Johann Christian Bach (1735 -1782)
Symphonies Op. 18, Nos.1- 6
Symphony in E flat major for double orchestra, Op. 18,No.1
Symphony in B flat major, Op. 18, No.2
Symphony in D major for double orchestra, Op. 18. No.3
Symphony in D major, Op. 18, No.4
Symphony in E major for double orchestra, Op. 18, No.5
Symphony in D major, Op. 18, No.6
Johann Christian Bach, the youngest son of JohannSebastian, was born in 1735 in Leipzig, where his father had served as Thomaskantorsince 1723. By the time of his birth his two eldest brothers, born to Johann Sebastian'sfirst wife, had left home. Wilhelm Friedemann was employed as organist at the Sophienkirchein Dresden and Carl Philipp Emanuel was at the University of Frankfurt-am-Oder.
The fourth surviving son of Johann Sebastian's first marriage, Johann GottfriedBernhard had secured a position as organist at Muhlhausen, where his father hadonce served. Three surviving older children of the second marriage were athome, including the feeble-minded Gottfried Heimrich and the three-year-old JohannChristoph Friedrich. Johann Christian was taught by his father and perhaps byhis cousin Johann Elias, who had come to live with the family. By the time ofhis father's death in 1750 he was the last of the sons to remain at home,Johann Christoph Friedrich having recently found appointment as an organist at Buckeburg.
Johann Christian now moved to Berlin, where hishalf-brother Carl Philipp Emanuel was now harpsichordist to King Frederick theGreat. Here he was able to undertake further study with his brother and it was duringthe following three years in Berlin that he wrote his first keyboard concertosand a choral ode for the King's birthday, among other compositions. In 1754 heseized the opportunity to travel to Italy, where introductions enabled him toenter the service of Count Agostino Litta, a member of one of the leadingfamilies in Milan. His patron encouraged him to turn his attention to churchmusic and there followed a period of study with Padre Martini in Bologna. By1757 he had become a Catholic and in 1760 was appointed organist at MilanCathedral, although now he had turned his attention as a composer moreparticularly to secular forms. His first opera, Artaserse was written in1760 for the Teatro Regio in Turin and the following year his setting ofanother Metastasio libretto, Catone in Utica, was given at the San Carlotheatre in Naples, where his Alessandro nell'lndie was staged early in1762.
Offers had now come from Venice and from London forBach's services, while Naples still hoped for further operas from him. Takingleave from his duties at the Cathedral, to which he had recently givenrelatively little attention, Bach travelled to London for the 1762-3 operaseason, arranging a series of pasticcios before the mounting of his own Orioneat the King's Theatre in February 1763, followed in May by Zanaida.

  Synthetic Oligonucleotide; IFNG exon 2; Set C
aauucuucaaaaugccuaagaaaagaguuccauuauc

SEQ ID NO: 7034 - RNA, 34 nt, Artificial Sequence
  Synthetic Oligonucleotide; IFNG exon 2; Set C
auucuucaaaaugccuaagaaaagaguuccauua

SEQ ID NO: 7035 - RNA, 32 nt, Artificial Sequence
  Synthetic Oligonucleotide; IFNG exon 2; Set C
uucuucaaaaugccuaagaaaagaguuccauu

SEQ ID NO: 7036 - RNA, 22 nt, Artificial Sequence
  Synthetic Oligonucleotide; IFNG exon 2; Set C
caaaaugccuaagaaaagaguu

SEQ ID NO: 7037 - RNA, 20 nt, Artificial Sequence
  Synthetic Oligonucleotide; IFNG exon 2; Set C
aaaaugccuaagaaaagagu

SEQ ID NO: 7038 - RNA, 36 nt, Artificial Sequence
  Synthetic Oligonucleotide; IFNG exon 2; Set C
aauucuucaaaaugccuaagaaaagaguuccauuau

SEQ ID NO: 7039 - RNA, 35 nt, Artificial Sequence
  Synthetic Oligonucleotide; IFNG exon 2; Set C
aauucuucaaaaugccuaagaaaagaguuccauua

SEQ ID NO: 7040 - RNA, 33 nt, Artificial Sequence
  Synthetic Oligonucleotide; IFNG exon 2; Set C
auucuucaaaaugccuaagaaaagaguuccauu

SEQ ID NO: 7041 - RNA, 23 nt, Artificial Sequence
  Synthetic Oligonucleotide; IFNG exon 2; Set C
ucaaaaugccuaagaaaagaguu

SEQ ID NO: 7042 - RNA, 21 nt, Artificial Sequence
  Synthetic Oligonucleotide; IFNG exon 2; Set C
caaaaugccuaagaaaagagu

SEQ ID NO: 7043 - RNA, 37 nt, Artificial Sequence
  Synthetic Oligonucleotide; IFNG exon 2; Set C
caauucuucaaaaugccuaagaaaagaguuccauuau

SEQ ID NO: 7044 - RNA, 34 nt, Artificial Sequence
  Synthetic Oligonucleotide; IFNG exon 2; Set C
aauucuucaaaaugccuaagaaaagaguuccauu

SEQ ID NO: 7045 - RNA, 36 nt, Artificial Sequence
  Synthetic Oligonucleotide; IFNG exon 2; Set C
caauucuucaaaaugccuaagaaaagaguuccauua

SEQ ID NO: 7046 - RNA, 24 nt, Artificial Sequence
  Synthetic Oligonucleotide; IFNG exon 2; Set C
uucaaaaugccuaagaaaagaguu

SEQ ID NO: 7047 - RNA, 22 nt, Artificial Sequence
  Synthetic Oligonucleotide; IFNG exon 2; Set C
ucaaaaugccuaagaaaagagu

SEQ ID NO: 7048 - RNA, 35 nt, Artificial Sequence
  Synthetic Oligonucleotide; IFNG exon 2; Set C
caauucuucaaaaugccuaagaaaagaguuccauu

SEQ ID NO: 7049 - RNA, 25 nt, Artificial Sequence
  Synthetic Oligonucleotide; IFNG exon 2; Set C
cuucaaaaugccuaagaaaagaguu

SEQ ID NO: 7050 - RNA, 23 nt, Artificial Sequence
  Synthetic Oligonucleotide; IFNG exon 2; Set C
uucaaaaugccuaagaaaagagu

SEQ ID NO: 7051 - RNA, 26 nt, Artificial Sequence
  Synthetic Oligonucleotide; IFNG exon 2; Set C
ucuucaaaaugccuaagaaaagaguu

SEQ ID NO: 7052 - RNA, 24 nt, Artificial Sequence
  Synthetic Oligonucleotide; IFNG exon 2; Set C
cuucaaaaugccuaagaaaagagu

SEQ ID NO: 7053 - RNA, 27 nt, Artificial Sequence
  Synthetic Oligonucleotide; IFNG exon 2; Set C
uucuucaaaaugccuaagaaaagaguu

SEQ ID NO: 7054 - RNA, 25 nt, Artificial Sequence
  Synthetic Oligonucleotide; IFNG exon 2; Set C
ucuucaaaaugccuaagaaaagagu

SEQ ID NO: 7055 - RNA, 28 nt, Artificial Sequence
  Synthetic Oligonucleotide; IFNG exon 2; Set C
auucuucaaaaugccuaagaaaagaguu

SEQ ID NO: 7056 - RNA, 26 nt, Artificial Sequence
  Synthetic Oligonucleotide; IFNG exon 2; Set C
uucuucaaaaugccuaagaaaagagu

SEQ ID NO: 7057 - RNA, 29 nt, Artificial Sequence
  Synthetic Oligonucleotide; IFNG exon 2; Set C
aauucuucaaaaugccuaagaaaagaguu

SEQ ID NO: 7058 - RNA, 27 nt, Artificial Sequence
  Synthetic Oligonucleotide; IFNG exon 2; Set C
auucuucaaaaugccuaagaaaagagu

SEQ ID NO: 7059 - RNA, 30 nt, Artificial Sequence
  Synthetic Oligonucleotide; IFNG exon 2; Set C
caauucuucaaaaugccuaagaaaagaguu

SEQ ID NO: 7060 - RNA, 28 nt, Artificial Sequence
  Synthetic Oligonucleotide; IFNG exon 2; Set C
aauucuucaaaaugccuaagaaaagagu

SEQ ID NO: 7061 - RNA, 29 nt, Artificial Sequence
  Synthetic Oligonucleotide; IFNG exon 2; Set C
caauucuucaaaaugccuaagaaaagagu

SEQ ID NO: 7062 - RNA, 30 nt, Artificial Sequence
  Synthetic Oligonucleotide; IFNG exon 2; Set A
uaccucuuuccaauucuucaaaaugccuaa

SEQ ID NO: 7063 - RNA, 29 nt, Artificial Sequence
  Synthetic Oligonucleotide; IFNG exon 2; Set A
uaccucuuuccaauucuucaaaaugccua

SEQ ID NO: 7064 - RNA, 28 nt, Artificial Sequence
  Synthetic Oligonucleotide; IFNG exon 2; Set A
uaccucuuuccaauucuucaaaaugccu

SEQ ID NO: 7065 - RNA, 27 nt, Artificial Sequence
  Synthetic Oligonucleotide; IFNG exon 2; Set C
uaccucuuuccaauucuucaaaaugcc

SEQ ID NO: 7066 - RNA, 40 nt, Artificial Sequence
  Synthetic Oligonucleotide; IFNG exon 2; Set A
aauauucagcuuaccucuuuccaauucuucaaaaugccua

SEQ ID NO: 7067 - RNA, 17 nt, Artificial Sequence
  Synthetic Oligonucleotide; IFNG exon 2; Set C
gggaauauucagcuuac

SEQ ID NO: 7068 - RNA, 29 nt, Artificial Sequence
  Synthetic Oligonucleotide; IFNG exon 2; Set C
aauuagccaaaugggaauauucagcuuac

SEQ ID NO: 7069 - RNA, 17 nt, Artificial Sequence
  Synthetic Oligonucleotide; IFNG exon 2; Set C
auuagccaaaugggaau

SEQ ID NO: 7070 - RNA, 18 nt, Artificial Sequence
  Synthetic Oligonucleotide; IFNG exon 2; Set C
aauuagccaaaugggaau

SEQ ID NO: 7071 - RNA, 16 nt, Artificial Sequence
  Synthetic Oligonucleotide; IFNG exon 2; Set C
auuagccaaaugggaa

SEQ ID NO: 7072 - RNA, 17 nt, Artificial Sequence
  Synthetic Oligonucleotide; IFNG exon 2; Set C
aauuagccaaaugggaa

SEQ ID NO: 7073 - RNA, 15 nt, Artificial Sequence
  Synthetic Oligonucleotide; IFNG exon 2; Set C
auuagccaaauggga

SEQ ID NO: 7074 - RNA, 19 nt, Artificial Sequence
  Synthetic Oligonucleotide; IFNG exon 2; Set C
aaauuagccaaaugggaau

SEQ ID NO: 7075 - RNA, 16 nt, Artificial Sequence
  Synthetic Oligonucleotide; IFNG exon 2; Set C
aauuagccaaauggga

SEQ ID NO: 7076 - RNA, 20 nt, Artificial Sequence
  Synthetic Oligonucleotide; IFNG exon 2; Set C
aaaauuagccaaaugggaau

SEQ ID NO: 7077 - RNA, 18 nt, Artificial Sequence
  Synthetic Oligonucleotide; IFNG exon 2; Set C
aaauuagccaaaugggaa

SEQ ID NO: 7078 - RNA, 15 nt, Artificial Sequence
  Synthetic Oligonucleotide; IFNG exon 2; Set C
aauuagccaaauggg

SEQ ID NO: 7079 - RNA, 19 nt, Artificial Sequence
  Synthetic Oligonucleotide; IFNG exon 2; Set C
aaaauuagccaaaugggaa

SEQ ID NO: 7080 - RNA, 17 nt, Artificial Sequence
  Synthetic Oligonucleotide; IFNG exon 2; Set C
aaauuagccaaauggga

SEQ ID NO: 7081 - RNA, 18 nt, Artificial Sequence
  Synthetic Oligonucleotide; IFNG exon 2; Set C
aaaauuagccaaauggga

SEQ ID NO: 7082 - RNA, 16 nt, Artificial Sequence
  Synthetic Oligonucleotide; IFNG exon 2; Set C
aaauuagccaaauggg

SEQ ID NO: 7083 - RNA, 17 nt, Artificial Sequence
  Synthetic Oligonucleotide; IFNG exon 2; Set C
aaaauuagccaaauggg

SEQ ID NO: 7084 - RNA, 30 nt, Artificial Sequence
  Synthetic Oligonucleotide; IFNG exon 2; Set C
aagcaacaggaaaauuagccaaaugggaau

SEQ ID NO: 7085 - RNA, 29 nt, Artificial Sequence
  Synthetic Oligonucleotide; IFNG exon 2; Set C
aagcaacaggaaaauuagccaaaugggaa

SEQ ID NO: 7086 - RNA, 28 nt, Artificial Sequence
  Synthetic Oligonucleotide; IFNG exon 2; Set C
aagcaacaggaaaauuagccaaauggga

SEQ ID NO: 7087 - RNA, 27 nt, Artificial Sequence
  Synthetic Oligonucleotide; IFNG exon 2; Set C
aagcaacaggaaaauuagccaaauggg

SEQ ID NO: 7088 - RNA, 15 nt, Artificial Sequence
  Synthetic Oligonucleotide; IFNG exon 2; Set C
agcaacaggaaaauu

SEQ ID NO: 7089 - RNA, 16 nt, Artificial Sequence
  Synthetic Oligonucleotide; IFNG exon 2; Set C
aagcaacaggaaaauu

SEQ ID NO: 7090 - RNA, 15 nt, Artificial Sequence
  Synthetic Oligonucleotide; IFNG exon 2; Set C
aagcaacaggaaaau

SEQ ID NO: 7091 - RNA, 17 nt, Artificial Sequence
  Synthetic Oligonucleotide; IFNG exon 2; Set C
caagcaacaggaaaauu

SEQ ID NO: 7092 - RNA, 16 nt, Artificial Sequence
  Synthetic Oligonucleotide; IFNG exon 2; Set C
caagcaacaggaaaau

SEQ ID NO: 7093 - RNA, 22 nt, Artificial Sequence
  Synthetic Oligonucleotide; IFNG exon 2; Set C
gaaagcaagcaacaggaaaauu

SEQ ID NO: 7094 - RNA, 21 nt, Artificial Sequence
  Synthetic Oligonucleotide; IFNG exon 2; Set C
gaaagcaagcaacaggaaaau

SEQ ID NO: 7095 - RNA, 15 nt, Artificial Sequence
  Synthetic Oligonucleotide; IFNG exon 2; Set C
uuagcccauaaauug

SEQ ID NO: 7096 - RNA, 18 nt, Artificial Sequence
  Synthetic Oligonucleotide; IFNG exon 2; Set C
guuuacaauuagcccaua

Later the same year he finally resigned his position in Milan and now settledin London, where he enjoyed the favour of Queen Charlotte, whose music-masterhe became, sharing lodgings with the viola da gamba player Carl Friedrich Abel,whose father had served with Johann Sebastian Bach at the court in Weimar .WithAbel Bach established a series of subscription concerts that continued untilhis death. At the same time he enjoyed a reputation as a composer of Italianopera, notably for the King's Theatre. It was in London that the young Mozartmet Bach, shared improvisation with him on one recorded occasion and fell underhis lasting influence as a composer.
A commission for an opera at Mannheim took Bach there in1772 and this was followed by further commissions. In 1778 he responded to a commissionfor an opera from the Academie Royale de Musique in Paris, where he again metMozart. Meanwhile his popularity and fortunes in London had declined. Thesubscription concerts, which had involved a considerable investment, wereproving unprofitable and there was less demand for his work in the opera-house.
He still enjoyed considerable respect, but, in addition to the demands ofimportunate tradesmen which he could not meet, he suffered from thedepredations of a dishonest housekeeper. His health suffered and he died on 1stJanuary 1782, leaving very considerable debts. His widow, the singer Cecilia Grassi,whom he had married in 1773, was helped to return to Italy by Queen Charlotte, whowas able to assist with funeral expenses, although Bach's debts could never befully met.
The six symphonies that form Opus 18, described as SixGrand Overtures, include three, Nos. 1, 3 and 5, for double orchestra, thefirst consisting of pairs of oboes and horns, bassoon and strings and thesecond of two flutes and strings, while the others use the full orchestra, withclarinets, bassoons, trumpets and timpani. Symphony Opus 18, No.2 is theoverture to the opera Lucio Silla, written for Mannheim in 1774. Thethird is the overture to Endimione, a serenata given at the King'sTheatre in 1772 and the sixth is based in part on the overture to the Parisopera Amadis de Gaule, first given in Paris in 1779 with indifferentsuccess in the presence of Queen Marie Antoinette. The three double orchestrasymphonies reflect the style and abilities of Mannheim players and explore thepossibilities of contrast between the two instrumental groups, while the secondsymphony, the overture to Lucio Sillar represents Bach's ability as aninstrumental composer at its height, all in all a judgement that might beextended to the Opus 18 set of works as a whole.